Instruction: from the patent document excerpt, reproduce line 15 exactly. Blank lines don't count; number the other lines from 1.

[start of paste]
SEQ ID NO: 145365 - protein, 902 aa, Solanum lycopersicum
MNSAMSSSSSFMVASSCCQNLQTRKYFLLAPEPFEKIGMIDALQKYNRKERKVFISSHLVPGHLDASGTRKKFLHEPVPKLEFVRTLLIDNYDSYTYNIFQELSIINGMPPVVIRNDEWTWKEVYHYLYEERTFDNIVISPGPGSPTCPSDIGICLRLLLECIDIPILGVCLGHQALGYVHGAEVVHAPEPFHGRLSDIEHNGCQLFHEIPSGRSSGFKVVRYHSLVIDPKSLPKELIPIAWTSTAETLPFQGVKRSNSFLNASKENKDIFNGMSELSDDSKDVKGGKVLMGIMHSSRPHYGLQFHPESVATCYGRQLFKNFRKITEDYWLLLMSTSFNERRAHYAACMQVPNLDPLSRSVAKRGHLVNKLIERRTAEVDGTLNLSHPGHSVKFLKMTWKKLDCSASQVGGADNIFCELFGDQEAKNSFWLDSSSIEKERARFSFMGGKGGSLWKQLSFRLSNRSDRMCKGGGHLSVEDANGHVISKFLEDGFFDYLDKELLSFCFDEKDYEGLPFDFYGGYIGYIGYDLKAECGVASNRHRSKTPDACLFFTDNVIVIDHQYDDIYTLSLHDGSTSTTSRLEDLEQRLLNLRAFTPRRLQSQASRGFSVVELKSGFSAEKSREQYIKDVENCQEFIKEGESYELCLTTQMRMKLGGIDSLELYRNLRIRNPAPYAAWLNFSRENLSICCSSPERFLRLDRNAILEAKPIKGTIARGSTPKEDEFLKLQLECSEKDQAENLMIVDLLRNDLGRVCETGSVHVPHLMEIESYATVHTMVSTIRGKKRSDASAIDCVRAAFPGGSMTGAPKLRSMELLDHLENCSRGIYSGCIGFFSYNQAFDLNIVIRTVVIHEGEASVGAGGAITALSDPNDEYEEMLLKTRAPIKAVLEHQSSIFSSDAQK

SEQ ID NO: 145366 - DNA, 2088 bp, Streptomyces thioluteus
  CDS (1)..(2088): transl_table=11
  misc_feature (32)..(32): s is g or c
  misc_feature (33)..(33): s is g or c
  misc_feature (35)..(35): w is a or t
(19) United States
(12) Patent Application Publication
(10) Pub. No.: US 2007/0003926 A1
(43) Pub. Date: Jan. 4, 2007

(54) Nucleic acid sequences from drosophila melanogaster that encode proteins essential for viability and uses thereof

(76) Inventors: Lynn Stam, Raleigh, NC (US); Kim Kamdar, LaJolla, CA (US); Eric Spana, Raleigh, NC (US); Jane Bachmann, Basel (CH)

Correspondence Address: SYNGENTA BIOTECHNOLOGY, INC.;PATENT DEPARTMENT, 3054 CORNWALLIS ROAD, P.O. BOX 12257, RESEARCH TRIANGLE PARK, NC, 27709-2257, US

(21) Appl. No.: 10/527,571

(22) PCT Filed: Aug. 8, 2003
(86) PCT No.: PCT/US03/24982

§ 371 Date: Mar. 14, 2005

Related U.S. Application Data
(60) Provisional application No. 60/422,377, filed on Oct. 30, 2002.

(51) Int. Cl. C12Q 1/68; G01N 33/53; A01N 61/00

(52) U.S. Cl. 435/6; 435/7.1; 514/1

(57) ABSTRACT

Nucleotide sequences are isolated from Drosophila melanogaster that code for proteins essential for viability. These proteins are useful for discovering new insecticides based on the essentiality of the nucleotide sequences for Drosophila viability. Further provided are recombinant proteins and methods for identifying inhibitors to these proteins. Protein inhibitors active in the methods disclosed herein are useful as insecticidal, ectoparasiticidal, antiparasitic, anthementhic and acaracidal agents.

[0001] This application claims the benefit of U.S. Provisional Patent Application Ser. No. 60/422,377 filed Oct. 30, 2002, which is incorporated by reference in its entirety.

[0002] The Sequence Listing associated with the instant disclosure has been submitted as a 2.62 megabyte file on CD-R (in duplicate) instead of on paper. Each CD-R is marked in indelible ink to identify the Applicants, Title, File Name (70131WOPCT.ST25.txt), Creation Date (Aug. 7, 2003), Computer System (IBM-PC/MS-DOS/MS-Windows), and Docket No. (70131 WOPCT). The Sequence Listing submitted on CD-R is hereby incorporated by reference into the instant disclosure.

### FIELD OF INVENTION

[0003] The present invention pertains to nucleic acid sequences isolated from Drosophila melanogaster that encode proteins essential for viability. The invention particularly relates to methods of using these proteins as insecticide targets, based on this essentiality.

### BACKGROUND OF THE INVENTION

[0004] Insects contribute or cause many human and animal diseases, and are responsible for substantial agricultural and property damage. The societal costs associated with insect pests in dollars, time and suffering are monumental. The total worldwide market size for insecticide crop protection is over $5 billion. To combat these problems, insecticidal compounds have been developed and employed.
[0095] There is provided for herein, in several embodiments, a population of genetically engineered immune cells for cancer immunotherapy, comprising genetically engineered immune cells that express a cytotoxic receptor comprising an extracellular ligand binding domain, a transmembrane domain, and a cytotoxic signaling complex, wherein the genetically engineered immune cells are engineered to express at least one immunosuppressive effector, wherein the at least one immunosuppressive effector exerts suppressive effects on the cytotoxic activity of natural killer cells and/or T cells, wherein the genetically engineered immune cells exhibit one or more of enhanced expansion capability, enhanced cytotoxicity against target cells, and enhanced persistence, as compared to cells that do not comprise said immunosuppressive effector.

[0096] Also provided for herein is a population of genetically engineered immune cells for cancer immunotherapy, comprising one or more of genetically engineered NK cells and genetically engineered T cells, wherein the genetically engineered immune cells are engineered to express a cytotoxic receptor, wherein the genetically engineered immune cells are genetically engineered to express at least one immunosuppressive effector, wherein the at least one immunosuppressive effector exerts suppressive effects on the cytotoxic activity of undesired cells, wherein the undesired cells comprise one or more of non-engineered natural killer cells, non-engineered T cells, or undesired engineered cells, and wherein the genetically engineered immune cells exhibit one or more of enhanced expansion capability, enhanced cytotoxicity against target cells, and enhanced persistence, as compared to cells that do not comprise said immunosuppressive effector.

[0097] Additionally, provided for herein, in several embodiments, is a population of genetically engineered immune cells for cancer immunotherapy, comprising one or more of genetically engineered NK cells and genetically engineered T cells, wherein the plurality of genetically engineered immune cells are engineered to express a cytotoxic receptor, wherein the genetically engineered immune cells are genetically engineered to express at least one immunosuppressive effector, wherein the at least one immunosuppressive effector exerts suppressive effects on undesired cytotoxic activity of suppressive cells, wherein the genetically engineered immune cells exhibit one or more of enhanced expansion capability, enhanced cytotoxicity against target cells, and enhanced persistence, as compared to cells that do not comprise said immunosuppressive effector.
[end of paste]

(21) Appl. No.: 10/527,571